Fintan O’Toole: Paris accord exit signals end of US global leadership

China grasps opportunity to be at the forefront of epic battle for planetary survival

Perhaps history was telling us something when Donald Trump's inauguration as US president happened almost 1,000 years after the coronation of Cnut the Great as king of England in January 1017.

Cnut is better known as King Canute and the one thing everybody knows about him is that he had his flunkies carry him to the shore on his throne, where he ordered the rising tide to retreat.

A millennium later, King Donald, in pulling the US out of the Paris accord on climate change is ordering the rising seas to fall and the earth to, well, just cool it. The seas and the earth and the atmosphere have been engaged in one big hoax aimed at hurting America – but he has their number.

In itself, climate-change denial is not stupid. It is much more evil than that

Actually, King Canute gets a bad press. His infamous gesture was not an expression of megalomaniacal delusion. On the contrary, it was a piece of theatre intended to instruct his fawning courtiers on the limits of human power. See, he was saying, even I can’t issue commands to nature and expect to be obeyed.


Trump is not the modern Canute – he is much, much more stupid. In future, if there is a future for our species, children should be told the story of his fatuous gesture as a cautionary tale about the madness of narcissists in power.

In itself, climate-change denial is not stupid. It is much more evil than that. It is a concerted, lavishly funded, highly organised campaign by corporations that profit from pollution and carbon emissions.

The people who actually believe it may be ignorant or desperate or both. But the people who create it are sleek and slick, highly paid and highly educated. They know it’s a lie. They know at the very least that they are taking huge risks with the lives of hundreds of millions of people and the habitability of the planet.

Right bank accounts

In one of history’s most cynical acts, they decide that those risks are worth taking so long as the dollars keep flowing into the right bank accounts and funding the right politicians.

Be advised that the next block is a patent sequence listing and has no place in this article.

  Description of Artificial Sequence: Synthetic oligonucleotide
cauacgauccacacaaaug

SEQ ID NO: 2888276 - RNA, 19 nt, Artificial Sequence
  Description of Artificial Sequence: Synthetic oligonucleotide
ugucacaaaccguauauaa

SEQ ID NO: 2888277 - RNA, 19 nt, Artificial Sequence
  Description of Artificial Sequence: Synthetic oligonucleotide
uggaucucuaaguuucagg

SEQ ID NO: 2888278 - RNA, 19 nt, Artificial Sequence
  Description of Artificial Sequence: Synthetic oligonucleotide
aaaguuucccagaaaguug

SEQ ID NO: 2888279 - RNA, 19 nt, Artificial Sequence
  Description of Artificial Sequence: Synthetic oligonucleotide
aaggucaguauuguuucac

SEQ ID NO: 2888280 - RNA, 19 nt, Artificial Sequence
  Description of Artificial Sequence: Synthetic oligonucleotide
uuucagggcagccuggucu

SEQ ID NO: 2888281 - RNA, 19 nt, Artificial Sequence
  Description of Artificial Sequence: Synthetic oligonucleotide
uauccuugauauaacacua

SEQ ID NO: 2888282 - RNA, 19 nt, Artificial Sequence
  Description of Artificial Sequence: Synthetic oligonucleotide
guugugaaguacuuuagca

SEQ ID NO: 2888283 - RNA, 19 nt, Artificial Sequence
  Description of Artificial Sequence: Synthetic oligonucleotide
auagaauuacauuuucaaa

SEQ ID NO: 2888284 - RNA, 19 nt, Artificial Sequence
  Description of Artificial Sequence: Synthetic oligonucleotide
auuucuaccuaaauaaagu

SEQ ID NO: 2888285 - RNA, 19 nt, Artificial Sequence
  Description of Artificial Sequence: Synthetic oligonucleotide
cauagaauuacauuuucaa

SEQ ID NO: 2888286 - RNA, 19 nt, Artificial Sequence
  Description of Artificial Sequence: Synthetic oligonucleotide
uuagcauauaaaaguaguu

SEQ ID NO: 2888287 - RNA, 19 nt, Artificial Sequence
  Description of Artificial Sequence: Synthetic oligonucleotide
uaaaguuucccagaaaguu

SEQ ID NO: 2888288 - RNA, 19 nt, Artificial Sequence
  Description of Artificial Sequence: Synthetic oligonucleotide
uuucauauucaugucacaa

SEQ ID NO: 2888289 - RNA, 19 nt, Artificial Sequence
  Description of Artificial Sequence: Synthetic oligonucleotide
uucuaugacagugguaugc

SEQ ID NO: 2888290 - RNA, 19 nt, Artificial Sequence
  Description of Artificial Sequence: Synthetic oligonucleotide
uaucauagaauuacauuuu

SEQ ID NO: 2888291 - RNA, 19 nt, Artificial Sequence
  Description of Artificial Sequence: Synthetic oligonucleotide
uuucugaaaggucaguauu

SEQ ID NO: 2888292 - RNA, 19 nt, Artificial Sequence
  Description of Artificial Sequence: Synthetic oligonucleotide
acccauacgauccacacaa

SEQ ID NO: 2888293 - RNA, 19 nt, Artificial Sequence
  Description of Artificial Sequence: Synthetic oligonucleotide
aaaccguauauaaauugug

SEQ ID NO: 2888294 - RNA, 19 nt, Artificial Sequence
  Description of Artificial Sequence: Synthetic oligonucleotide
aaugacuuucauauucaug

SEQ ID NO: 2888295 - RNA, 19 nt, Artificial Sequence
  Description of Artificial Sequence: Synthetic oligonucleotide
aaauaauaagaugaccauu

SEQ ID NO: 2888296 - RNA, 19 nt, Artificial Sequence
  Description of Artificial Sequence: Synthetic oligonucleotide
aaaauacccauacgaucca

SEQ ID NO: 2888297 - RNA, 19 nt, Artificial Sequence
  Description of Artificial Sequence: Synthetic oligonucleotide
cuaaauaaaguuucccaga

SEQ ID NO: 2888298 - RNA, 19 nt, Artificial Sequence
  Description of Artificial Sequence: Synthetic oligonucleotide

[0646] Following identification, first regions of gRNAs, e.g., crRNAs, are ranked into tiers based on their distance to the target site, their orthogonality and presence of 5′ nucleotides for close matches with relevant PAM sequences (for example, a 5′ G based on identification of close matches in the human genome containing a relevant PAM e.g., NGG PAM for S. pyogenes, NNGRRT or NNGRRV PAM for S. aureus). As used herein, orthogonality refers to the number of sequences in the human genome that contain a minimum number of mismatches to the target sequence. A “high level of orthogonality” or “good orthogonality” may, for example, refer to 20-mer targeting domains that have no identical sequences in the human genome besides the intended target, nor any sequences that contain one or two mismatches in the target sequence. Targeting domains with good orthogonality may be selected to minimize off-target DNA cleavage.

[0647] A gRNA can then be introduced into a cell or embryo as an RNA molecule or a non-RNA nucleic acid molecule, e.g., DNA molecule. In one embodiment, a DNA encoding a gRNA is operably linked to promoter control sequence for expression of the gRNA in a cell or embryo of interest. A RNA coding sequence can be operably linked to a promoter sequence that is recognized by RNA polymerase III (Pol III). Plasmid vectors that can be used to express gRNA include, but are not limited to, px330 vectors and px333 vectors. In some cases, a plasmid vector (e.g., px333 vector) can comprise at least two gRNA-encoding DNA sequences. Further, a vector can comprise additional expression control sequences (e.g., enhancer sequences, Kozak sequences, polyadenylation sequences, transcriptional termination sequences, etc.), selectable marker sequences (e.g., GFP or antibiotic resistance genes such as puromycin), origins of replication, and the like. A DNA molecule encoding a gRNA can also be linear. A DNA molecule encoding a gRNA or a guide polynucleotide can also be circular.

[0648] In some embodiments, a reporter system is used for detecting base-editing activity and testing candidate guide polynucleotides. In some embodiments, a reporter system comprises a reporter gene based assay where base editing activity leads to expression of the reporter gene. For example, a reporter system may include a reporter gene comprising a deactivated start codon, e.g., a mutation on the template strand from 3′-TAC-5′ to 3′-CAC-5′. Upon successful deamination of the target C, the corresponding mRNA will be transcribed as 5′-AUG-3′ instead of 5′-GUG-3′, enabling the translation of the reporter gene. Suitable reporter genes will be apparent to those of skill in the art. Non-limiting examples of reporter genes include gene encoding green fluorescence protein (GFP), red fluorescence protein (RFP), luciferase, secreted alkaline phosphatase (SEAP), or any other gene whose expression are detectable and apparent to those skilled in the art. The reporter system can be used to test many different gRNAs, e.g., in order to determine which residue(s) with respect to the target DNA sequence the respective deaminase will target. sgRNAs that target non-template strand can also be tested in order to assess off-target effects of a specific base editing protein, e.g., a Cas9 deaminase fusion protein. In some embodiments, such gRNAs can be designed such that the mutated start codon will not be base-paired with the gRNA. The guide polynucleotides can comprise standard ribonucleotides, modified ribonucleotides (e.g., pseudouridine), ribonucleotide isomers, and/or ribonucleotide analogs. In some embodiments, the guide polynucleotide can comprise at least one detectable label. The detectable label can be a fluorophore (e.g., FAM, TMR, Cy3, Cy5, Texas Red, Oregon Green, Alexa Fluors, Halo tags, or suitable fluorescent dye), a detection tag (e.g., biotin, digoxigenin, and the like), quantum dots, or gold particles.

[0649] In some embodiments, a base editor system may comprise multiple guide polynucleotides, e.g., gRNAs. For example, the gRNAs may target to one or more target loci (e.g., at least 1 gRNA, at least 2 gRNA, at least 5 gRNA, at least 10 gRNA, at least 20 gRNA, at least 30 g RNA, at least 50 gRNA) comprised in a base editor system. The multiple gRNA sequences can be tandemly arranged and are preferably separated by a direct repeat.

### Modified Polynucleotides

Trump is not himself one of these people. He doesn't have the discipline or the intellectual capacity to engage with the issue at all. But he knows his lines – those, that is, that got the crowds roaring during his campaign. One of them was that climate change is a hoax devised by the Chinese to cripple American industry and throw coal miners in West Virginia and Pennsylvania out of work. And the more his presidency has imploded, the more he has fallen back on his old showman's schtick.

In this sense, there was an inevitability about the announcement on the Paris accord – unable to do anything positive, Trump can exert his power only in destruction.

The announcement shows that Trump is definitively opting back into the extremist nationalist agenda that got him elected. But it also shows that this nationalism is self-defeating. Pulling out of Paris is an enormous self-inflicted blow to the power, prestige and economic might of the US. If two fingers are being raised to the rest of the world, another three are being jammed in America’s own eyes.

First, the decision defines the US as a rogue nation and marks the end to the long period since 1989 when it had seemed to be the world’s undisputed leader. On the single most important issue facing humanity, America First actually means America Last.

The US is turning its back on the very thing that makes its economy so strong: its lead in science, technology and innovation

Most of the rest of the world will stick with Paris. We are about to enter a period in which geopolitical power is shifting towards China. The Chinese, who understand the idea of the long term, have seen the opportunity to take the high ground and place themselves at the forefront of an epic battle for planetary survival. For the US to cede that role to them is breathtaking.

Second, the US is turning its back on the very thing that makes its economy so strong: its lead over the rest of the world in science, technology and innovation. The Paris accord is, among other things, a statement that political leaders across the globe accept the validity of a long-held and deeply-tested scientific consensus that human activity is a crucial contributor to a potentially catastrophic rise in global temperatures.

In turning his back on this science, Trump is shredding the US’s reputation as an advanced culture in which evidence is the basis of policy. This is, of course, highly consistent with Trumpism’s taste for “alternative facts” but it places the US for the first time in its history as an anti-scientific polity.

Success story

Third, the decision is economically self-destructive. What is the fastest growing sector for employment in the US economy? Renewable energy. Both solar and wind power have been an astonishing success story for what Trump claims to be all about – real American jobs for real American workers. Just last week, new data showed that solar power jobs expanded 17 times faster than employment in the US economy as a whole in 2016.

The number of jobs in the sector rose to 260,000 – a 24 per cent increase in one year alone. And the fastest-growing job description in the US? Wind turbine technician.

Meanwhile, the mythic coal mining jobs will not come back because the US is pulling out of the Paris accord. They have been in long-term decline because of automation and competition from cheaper forms of energy. The embrace of backward economics is utterly pointless.

This decision is the ultimate expression of the way self-delusion leads to self-harm. Americans, though, elected Trump and have to take responsibility for him.

The tragedy for the rest of us is that, precisely because we only have one planet, their self-harm also harms the rest of us.